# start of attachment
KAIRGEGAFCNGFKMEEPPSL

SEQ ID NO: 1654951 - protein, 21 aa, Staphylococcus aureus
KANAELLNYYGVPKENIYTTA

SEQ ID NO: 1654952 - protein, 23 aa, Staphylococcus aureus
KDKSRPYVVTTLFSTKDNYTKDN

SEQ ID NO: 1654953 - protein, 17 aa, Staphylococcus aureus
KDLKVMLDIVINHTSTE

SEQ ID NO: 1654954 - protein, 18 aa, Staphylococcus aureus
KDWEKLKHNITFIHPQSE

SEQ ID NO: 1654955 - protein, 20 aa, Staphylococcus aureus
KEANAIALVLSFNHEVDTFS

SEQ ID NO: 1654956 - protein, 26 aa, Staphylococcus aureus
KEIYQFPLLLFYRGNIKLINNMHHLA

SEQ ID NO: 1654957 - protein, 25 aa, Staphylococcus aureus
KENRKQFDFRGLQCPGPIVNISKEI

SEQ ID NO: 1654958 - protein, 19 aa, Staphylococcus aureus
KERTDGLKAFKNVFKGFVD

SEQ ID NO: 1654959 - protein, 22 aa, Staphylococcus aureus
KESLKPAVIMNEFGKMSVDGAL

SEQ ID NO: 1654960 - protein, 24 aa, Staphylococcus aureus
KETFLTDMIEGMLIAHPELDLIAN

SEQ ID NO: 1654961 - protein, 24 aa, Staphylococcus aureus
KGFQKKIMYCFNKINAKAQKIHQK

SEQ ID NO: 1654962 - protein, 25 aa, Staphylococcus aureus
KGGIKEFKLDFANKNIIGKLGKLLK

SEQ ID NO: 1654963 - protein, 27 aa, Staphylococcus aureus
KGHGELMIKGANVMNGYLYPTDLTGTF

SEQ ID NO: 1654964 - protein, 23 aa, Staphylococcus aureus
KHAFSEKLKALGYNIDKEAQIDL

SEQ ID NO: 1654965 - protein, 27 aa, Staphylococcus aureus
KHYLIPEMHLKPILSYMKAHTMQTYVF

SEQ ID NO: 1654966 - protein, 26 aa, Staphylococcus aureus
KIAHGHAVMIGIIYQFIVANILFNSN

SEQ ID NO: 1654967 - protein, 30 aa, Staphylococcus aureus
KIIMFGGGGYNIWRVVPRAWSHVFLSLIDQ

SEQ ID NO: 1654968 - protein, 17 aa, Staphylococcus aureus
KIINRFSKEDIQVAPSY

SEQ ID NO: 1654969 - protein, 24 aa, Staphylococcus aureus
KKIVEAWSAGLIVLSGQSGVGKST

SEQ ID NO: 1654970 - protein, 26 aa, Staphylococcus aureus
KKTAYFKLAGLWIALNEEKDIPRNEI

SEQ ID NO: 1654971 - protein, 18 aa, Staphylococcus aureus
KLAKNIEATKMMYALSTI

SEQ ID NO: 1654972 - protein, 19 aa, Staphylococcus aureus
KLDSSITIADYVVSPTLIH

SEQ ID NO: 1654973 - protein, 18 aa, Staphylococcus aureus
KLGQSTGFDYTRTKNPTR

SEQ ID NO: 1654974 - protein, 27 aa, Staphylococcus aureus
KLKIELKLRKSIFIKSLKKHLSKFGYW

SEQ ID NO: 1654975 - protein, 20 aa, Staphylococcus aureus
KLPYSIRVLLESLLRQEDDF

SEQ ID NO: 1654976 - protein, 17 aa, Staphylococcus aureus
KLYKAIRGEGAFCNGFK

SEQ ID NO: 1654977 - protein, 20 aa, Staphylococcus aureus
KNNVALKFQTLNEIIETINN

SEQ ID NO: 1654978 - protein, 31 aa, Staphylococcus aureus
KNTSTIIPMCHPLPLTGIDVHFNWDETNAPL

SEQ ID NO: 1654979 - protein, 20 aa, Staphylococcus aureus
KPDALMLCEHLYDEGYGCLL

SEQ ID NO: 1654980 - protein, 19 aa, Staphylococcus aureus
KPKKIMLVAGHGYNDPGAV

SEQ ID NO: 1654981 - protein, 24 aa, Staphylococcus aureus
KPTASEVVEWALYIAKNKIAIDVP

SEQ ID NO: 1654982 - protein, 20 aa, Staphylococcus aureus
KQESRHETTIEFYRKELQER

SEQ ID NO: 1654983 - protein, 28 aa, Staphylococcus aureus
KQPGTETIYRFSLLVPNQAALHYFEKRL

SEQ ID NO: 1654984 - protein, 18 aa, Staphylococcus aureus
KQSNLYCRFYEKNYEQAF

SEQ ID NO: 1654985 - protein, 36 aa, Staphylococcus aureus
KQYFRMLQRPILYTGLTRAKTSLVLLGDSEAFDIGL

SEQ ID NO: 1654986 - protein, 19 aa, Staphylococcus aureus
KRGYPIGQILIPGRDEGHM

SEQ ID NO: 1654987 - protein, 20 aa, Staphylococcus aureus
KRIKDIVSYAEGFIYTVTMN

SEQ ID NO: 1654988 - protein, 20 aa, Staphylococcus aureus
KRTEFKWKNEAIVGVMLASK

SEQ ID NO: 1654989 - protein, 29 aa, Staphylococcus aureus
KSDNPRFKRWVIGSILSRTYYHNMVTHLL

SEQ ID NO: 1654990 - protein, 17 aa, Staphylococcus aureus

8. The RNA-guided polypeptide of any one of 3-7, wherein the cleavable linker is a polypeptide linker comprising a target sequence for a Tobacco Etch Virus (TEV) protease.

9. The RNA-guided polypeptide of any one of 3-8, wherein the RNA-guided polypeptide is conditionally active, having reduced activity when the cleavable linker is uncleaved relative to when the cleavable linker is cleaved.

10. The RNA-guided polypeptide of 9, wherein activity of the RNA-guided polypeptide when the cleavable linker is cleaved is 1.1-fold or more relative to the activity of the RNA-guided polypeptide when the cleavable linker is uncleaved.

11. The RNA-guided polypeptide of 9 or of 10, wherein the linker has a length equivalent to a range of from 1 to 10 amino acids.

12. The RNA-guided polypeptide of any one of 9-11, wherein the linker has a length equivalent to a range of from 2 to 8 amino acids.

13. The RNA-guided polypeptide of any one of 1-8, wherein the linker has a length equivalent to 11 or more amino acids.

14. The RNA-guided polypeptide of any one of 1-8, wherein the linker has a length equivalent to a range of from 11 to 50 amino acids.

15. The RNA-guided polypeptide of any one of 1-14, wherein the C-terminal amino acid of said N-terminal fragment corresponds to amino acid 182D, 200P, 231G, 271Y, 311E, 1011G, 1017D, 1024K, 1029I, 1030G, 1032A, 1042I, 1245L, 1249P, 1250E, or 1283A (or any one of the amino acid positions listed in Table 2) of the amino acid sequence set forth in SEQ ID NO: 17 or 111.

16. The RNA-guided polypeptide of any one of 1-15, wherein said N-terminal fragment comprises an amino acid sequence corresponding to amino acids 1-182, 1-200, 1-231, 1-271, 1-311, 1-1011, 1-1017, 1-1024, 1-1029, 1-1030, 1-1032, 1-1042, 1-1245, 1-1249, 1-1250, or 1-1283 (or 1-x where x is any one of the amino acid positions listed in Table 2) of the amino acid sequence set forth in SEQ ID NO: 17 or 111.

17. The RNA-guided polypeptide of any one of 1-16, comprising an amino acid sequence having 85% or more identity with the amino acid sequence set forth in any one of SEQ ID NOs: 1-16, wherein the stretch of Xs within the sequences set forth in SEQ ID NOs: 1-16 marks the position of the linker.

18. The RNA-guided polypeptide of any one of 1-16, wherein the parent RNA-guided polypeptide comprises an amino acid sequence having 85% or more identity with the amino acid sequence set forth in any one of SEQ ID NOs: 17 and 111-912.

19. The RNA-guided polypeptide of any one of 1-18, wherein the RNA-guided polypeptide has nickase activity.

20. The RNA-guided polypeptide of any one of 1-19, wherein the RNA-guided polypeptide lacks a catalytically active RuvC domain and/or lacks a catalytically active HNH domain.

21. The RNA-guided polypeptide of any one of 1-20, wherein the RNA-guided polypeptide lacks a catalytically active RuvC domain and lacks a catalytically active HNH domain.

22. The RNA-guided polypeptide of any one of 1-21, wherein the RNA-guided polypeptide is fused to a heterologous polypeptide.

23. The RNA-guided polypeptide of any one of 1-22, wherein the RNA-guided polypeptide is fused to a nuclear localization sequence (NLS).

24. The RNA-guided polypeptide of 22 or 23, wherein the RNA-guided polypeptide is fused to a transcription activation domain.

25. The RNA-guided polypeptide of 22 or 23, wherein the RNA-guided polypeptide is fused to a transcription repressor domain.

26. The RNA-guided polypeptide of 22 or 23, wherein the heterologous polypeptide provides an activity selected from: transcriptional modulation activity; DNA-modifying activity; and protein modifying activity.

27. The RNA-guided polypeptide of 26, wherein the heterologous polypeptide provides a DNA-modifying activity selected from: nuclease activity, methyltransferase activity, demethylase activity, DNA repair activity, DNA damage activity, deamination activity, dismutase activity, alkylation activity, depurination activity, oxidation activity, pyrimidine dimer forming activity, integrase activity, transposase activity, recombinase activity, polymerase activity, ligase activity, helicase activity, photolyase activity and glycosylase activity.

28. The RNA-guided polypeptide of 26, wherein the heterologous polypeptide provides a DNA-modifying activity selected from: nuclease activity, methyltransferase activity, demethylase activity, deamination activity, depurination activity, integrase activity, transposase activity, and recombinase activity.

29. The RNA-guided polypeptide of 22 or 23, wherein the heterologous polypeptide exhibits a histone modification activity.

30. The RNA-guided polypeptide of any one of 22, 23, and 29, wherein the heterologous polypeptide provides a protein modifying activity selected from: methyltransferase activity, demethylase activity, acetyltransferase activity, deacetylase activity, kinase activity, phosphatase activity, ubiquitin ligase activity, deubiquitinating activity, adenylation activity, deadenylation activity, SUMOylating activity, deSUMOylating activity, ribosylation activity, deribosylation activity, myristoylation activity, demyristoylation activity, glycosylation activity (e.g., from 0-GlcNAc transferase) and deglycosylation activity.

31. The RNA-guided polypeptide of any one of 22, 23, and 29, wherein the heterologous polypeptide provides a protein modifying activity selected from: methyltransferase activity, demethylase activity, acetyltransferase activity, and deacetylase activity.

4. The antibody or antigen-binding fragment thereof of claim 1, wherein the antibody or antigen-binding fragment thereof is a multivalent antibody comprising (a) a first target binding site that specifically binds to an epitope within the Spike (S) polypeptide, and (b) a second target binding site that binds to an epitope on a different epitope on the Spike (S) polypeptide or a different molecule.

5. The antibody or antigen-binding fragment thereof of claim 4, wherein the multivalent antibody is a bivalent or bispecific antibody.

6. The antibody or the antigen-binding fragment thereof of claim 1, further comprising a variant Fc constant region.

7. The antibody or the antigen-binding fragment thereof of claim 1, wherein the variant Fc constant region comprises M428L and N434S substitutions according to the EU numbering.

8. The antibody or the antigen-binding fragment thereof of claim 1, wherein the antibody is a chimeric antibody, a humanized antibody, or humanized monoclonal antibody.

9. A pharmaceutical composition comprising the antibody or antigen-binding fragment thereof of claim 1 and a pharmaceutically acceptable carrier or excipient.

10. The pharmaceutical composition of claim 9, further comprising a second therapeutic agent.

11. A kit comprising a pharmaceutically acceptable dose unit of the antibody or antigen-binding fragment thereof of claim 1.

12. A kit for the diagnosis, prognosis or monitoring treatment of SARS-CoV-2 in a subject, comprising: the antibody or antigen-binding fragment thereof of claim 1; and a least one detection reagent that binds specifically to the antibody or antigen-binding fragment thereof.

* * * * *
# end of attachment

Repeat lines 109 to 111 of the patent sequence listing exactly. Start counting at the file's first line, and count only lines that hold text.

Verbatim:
8. The antibody or the antigen-binding fragment thereof of claim 1, wherein the antibody is a chimeric antibody, a humanized antibody, or humanized monoclonal antibody.

9. A pharmaceutical composition comprising the antibody or antigen-binding fragment thereof of claim 1 and a pharmaceutically acceptable carrier or excipient.

10. The pharmaceutical composition of claim 9, further comprising a second therapeutic agent.